Except that ultimately, I know I want happiness. I won’t really be able to settle for neutral. I hate taupe. ACK! See, I’m in conflict with neutral already!

I may have a lot of work to do.

Part of writing, well, okay, part of Jen-ing, is being able to imagine other realities and possibilities, to say, what’s next? To invite a reader to turn the page. That’s my work as a writer. But my work as a human seems to be to ask, what’s now?

I know this isn’t just a writer issue. I think we all struggle with the question: can now and next peacefully co-exist? Well, I believe the answer is yes, and not just peacefully, but with some amusement. Let me explain.

At our last writing sanctuary day, I felt stuck, and I wasn’t the only one. All three of us tried to force our way into a writing prompt, but just couldn’t get there. Finally, Kim called us out on our disgruntlement. “Let’s just write into that,” she said.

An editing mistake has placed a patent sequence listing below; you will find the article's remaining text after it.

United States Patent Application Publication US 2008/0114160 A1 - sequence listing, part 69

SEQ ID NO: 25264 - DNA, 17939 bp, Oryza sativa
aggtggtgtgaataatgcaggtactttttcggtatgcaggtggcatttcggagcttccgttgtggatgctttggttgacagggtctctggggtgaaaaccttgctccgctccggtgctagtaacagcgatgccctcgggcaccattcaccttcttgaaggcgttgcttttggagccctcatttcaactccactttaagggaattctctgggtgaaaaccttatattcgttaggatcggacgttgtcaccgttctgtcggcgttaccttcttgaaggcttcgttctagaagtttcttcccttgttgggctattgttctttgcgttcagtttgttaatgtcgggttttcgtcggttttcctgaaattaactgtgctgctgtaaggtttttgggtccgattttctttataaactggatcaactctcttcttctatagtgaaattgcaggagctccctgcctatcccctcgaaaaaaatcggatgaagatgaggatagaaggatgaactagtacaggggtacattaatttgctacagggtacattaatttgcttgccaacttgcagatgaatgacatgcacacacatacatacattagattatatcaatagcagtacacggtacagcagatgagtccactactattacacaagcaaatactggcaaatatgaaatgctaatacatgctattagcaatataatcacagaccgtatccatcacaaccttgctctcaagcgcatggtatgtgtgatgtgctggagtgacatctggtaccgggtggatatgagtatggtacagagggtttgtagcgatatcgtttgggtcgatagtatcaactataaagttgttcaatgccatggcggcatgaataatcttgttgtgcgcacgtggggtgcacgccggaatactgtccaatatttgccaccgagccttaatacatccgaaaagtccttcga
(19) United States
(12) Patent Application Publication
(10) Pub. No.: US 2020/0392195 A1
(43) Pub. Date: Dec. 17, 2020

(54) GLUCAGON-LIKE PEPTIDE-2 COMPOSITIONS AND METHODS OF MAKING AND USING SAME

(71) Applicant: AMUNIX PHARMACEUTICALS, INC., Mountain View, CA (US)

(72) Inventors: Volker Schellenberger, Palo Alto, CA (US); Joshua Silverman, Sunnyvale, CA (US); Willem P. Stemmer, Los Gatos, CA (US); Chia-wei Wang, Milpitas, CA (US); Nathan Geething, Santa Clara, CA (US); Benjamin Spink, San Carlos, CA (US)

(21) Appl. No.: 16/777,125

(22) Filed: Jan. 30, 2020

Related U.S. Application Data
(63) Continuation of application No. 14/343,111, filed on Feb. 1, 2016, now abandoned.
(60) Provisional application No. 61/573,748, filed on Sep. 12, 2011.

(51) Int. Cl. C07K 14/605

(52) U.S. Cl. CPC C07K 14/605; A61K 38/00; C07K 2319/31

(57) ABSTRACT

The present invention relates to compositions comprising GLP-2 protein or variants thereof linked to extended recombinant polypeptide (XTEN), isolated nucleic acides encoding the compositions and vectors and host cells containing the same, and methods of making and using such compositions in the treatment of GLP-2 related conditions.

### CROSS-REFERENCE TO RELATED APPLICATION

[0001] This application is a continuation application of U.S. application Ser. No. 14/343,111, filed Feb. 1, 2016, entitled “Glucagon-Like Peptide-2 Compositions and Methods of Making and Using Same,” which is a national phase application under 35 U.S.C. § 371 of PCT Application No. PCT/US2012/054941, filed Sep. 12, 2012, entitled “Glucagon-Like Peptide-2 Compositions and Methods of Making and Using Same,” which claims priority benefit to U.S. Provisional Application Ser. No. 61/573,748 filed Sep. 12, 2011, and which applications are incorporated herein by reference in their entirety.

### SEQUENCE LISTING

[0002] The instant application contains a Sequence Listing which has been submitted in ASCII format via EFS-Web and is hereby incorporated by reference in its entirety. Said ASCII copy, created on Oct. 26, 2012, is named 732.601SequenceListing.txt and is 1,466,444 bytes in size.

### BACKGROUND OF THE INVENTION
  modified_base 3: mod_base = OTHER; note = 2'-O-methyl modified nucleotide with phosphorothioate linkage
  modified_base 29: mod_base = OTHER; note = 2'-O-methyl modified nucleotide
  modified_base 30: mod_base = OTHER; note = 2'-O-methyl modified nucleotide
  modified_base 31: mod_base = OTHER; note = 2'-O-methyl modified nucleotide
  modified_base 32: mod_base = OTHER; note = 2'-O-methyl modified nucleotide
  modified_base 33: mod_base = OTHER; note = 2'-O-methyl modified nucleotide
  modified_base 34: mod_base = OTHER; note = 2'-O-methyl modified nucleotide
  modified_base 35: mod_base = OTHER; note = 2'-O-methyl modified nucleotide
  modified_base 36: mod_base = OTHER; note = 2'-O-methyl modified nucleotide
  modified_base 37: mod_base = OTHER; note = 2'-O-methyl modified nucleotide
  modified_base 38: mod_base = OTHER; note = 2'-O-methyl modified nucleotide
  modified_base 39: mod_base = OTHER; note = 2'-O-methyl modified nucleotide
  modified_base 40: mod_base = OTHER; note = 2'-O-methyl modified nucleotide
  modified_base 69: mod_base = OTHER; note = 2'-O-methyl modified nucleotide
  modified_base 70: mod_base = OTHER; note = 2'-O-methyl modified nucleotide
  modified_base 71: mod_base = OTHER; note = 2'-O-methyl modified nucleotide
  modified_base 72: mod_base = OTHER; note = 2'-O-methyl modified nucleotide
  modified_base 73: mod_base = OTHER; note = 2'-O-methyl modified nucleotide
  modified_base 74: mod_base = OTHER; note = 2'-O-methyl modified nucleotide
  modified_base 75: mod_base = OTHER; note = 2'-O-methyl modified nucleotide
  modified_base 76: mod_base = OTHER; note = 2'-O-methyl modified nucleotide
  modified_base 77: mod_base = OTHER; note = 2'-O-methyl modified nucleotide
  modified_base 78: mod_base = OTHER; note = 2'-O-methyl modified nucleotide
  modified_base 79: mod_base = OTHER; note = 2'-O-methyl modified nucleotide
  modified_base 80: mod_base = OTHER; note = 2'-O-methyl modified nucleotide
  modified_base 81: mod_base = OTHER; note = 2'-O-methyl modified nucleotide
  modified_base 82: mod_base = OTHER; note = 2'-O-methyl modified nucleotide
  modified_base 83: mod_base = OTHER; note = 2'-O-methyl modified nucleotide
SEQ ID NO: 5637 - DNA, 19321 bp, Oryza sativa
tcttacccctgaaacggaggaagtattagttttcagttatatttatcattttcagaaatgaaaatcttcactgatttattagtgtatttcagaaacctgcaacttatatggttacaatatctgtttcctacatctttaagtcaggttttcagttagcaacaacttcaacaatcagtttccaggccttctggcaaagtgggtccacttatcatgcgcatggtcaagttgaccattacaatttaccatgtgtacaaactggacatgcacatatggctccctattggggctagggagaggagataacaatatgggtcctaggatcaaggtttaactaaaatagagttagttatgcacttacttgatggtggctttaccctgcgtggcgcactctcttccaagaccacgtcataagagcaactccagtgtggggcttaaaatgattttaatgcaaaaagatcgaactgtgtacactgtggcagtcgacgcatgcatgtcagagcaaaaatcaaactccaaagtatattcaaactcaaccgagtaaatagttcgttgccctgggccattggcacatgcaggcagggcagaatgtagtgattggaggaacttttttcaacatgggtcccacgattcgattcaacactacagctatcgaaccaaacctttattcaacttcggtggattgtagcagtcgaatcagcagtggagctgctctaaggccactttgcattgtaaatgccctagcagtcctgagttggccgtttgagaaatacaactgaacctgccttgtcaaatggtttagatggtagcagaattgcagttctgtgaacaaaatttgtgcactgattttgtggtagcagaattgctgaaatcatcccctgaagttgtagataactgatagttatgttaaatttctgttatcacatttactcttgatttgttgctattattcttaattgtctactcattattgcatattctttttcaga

I laughed and suggested the prompts, “At my worst” or “On my worst day.” We set a timer for nine minutes, and the pens flew. None of us were at a loss for words anymore.

When we shared, I felt myself dislodged, like my misery hit the eject button. We read our words and laughed at our respective onslaughts of judgment and despair. It was actually entertaining.

Not to mention that after that, I easily moved on to write other things. My self-contained battle of Me Vs. Everything screeched to an awkward halt. The warring sides set down their weapons and had a playful picnic, and I was able to go about my business.